11 rules for rocking it as a freelance writer

Launching your career as a freelance writer couldn’t be easier—all you really have to do is announce to the world that you’re open for business. The hard part is making a living. Most writers just starting out end up making barely more than minimum wage.

But regardless of whether you’re writing the occasional article or plan on making it a full-time job, freelance writing can be a great gig. The first thing you have to learn is how to sell yourself along with your articles. That’s where these tips come in.

1. Don’t give your stuff away for free. It might be tempting to post that piece you’re especially proud of on a story-sharing site like Medium, but editors offering paying gigs won’t be nearly as impressed as they would be with a paid piece in a small publication. If you don’t value your work, others won’t either.

2. Know what your time is worth. Here’s the simple math that all freelance writers use when they are offered a writing job: first decide on your hourly rate (it might be $25 for someone starting out, $100 or more for someone more established). Then divide the payment offered by how many hours you think the assignment will take. If it doesn’t match or exceed your minimum rate, consider taking a pass.

3. Find the right workspace. If you have the perfect home office, then problem solved. If not, consider a table in a library (if you crave quiet) or a perch in a favorite coffee joint (if you need people around). A coworking office space like those offered by WeWork is the best of both worlds: a professional environment filled with other creative people who are just as passionate about their work as you are.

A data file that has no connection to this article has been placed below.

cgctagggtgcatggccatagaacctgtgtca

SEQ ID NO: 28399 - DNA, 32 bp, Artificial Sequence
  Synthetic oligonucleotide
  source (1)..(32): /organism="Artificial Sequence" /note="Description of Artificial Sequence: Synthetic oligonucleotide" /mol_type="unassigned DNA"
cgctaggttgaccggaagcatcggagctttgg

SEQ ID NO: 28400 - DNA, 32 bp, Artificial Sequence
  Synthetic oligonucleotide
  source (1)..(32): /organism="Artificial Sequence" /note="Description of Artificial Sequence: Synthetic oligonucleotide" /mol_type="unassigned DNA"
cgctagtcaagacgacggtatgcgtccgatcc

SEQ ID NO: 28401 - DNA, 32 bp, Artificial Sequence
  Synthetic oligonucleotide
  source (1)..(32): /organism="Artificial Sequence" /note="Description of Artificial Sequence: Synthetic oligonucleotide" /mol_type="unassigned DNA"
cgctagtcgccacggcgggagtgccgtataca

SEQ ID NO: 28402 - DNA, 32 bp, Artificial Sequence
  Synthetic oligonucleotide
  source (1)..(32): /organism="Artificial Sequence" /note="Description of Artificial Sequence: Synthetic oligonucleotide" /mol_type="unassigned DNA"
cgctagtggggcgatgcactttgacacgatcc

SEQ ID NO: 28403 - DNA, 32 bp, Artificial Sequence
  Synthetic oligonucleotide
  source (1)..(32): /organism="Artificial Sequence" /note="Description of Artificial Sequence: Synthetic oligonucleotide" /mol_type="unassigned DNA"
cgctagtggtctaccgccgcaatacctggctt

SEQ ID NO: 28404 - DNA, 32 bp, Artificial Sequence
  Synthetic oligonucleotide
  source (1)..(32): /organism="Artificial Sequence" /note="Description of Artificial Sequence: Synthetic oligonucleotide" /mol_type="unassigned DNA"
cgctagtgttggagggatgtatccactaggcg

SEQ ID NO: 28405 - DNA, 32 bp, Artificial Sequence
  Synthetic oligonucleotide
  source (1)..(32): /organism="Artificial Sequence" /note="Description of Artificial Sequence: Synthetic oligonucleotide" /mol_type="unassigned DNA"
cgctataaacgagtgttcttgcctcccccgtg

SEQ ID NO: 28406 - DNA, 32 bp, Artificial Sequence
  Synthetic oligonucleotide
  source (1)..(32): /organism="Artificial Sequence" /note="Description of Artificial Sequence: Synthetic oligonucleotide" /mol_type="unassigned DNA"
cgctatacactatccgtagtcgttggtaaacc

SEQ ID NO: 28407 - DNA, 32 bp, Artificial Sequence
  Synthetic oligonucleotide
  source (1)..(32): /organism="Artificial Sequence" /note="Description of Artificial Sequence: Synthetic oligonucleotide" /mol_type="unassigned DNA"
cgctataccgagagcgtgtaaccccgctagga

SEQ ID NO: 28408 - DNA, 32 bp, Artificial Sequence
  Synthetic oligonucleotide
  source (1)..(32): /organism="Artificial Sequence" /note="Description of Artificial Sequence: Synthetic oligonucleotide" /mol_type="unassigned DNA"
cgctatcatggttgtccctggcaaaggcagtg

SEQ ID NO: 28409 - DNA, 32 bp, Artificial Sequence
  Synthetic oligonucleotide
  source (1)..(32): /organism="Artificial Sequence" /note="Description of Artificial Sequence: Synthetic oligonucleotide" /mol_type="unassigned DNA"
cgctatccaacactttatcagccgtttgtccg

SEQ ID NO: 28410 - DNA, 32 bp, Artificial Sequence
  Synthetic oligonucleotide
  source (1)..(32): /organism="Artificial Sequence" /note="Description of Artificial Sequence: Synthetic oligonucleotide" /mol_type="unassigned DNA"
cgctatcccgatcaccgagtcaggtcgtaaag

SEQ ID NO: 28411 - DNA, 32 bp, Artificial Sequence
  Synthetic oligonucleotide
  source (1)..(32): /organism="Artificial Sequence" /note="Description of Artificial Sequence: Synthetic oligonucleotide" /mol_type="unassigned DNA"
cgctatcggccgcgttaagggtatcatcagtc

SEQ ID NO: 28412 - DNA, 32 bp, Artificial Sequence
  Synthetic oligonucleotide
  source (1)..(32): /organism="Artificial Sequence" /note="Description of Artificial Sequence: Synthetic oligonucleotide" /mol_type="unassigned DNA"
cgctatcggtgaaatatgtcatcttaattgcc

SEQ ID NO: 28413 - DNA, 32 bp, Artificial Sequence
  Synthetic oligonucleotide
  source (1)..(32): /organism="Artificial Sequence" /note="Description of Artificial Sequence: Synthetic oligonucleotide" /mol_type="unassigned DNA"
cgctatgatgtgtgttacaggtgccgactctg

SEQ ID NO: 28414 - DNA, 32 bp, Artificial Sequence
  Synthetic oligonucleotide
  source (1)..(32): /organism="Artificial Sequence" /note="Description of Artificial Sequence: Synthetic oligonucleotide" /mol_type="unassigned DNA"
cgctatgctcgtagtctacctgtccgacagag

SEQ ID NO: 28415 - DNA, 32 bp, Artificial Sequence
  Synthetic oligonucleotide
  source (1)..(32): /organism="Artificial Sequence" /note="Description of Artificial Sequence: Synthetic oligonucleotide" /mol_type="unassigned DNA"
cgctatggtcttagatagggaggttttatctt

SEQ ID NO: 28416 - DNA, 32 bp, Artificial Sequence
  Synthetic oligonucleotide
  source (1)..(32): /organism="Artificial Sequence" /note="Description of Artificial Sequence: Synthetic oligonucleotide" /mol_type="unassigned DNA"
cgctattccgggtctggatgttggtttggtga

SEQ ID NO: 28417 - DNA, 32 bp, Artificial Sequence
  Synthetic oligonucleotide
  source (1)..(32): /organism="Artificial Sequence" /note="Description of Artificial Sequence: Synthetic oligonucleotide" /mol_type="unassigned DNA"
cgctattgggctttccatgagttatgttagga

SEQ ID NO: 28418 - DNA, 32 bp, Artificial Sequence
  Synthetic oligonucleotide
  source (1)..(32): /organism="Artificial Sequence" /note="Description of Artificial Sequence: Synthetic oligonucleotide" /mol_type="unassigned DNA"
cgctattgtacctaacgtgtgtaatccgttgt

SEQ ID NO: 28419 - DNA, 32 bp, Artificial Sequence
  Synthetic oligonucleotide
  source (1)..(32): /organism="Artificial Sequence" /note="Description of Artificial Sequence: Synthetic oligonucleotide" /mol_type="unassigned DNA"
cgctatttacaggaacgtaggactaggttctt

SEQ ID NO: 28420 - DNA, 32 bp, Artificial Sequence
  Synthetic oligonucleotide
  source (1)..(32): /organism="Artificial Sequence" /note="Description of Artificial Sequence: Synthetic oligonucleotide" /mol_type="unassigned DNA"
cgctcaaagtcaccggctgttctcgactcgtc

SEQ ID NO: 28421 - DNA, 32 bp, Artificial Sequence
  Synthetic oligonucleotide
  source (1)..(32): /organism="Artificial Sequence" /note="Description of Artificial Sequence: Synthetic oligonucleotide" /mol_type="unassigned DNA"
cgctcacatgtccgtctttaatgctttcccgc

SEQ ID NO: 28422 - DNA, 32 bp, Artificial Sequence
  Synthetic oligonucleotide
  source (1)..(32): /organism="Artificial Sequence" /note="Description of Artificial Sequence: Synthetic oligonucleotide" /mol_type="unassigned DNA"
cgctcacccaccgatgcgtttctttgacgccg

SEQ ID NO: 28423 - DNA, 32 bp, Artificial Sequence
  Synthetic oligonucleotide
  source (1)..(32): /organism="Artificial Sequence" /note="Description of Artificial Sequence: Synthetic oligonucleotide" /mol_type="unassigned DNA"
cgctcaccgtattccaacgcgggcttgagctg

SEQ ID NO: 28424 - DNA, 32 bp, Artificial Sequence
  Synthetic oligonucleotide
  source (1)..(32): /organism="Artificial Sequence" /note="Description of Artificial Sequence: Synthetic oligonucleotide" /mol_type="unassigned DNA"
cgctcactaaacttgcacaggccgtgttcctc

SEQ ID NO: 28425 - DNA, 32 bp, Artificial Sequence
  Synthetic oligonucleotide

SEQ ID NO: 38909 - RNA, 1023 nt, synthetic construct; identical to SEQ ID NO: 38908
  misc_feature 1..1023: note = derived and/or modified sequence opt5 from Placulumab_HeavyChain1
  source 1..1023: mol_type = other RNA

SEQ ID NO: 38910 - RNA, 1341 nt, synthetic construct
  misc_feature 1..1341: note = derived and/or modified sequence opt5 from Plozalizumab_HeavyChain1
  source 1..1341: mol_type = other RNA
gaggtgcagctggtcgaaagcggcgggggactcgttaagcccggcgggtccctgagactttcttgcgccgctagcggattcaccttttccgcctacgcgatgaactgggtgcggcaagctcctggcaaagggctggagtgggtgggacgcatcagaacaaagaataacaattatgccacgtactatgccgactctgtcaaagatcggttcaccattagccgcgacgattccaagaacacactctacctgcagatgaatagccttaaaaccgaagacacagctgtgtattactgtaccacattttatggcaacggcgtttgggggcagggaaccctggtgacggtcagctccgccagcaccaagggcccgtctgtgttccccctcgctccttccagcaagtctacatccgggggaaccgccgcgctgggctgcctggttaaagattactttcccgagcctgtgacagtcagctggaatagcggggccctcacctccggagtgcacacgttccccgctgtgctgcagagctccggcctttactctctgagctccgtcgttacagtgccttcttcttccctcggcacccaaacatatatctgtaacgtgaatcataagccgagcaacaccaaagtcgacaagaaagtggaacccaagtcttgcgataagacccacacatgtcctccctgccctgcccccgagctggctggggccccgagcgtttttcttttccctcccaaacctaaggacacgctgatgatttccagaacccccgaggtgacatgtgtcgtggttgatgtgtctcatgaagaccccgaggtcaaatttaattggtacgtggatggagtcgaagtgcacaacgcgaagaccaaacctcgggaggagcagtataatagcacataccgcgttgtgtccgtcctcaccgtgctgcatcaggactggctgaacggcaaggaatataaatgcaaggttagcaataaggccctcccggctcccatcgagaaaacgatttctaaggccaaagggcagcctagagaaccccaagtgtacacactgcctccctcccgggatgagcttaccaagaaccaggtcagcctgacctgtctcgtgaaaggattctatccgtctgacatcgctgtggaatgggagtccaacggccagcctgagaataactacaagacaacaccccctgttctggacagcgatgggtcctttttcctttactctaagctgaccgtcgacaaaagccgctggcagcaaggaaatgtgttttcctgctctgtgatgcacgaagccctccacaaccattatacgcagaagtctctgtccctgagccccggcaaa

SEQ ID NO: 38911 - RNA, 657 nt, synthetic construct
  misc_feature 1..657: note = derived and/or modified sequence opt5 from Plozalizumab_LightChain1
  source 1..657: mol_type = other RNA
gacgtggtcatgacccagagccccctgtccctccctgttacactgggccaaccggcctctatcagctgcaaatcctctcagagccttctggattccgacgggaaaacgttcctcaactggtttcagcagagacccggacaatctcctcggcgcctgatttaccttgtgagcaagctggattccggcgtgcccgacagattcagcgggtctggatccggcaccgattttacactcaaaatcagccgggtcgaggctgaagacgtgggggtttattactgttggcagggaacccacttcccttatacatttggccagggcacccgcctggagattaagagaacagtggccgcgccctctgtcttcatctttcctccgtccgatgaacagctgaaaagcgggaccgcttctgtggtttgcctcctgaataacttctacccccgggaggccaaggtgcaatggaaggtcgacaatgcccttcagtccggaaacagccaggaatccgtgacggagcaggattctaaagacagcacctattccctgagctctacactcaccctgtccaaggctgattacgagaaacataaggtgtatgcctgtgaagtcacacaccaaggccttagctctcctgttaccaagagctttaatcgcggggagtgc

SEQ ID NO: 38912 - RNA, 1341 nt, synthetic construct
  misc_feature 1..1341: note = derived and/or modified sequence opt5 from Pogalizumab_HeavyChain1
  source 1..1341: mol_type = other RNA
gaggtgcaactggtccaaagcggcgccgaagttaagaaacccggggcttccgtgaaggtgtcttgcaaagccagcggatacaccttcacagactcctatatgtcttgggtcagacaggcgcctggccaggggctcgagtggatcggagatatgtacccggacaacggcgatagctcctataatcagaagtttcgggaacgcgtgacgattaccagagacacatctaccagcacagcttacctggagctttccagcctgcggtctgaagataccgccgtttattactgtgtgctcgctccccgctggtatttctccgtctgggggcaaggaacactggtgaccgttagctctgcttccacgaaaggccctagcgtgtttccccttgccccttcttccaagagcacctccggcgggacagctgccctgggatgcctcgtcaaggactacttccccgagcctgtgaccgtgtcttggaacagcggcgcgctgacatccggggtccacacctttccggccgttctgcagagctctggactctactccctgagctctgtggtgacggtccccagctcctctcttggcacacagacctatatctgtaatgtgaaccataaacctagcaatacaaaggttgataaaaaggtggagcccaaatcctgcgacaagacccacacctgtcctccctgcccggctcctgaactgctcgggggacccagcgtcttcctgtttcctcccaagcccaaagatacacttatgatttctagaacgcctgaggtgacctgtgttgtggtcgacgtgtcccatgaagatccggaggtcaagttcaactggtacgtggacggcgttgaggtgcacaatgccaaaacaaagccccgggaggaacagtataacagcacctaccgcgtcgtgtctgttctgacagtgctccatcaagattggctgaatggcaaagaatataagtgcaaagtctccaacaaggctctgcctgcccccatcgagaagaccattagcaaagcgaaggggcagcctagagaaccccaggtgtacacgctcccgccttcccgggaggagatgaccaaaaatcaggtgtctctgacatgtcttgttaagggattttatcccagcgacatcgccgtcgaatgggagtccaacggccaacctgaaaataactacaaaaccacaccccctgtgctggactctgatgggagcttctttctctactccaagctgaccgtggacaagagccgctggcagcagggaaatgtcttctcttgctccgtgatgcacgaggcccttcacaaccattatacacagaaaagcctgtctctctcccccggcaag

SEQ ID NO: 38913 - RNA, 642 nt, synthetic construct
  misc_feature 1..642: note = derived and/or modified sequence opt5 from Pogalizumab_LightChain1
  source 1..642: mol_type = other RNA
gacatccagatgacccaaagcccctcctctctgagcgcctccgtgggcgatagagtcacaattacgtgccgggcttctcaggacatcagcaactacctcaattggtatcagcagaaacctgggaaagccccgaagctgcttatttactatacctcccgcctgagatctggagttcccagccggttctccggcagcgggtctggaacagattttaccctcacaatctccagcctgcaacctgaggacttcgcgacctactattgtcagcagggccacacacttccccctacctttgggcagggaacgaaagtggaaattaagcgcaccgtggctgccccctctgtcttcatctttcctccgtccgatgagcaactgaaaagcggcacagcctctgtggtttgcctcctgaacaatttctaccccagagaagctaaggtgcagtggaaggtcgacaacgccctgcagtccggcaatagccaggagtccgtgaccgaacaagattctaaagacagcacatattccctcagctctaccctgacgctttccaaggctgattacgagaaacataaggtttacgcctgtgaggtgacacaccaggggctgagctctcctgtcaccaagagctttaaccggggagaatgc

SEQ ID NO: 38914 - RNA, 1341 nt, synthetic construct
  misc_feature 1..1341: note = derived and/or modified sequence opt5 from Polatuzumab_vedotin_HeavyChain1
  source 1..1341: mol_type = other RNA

4. Be an expert in something. Sure, you can be a jack-of-all-trades, but the best way to break into freelance writing is to impress an editor with your knowledge of a particular subject. Have an MBA? Go after business writing assignments. A certificate from culinary school? Write about restaurants. After you establishment yourself, then you can branch out into other subject matter.

 5. Perfect your pitch. Especially if you’re pitching an editor out of the blue, be brief. One paragraph should outline the story. (Be specific: “how politics drive Apple’s Tim Cook” beats “profile of Tim Cook.”) The next paragraph should detail why you’re the person for the job. (You’ve tackled the subject matter before, or have firsthand knowledge that gives you an edge.) Longer pitches get “filed for later” by busy editors.

6. Meet your deadlines. Seems like a no-brainer, right? But plenty of first-timers I’ve hired over the years have blown off their deadlines, turning in pieces days or weeks late. Hire them for something else? Not a chance.

7. Be pleasant to work with. Almost as important as taking deadlines seriously. The writers who get hired again and again are the ones who make an editor’s life easier. Don’t haggle over a few words changed here and there unless the edits obscure the point or make something inaccurate. And never critique a headline or photo that runs with one of your pieces. You’ll get a reputation as a complainer.

8. Work your connections. Getting an assignment from an editor you don’t know is tough, so make sure to pitch people who’ve hired you in the past first. If you’re doing it right, most of your assignments should come from editors you’ve already worked with.

9. Establish a rapport with editors. Remember that your editors won’t always be at the same publication. When they move onward and upward, they’ll take along the writers they enjoy working with. As your editor’s career grows, so will yours.

10. Know social media. Use Twitter, Facebook, Instagram, Pinterest—any social media platforms, really—to get the word out about pieces you’ve written. It doesn’t just get the word out about that one piece, it helps promote you as a writer and might help get you future jobs.

11. Keep scrupulous records. You’re a small business, after all. Draw up a simple spreadsheet of your assignments and deadlines. Include when you sent your invoice, for how much, and when you were paid. You’ll thank me for this one later.

Photo credit: Lauren Kallen

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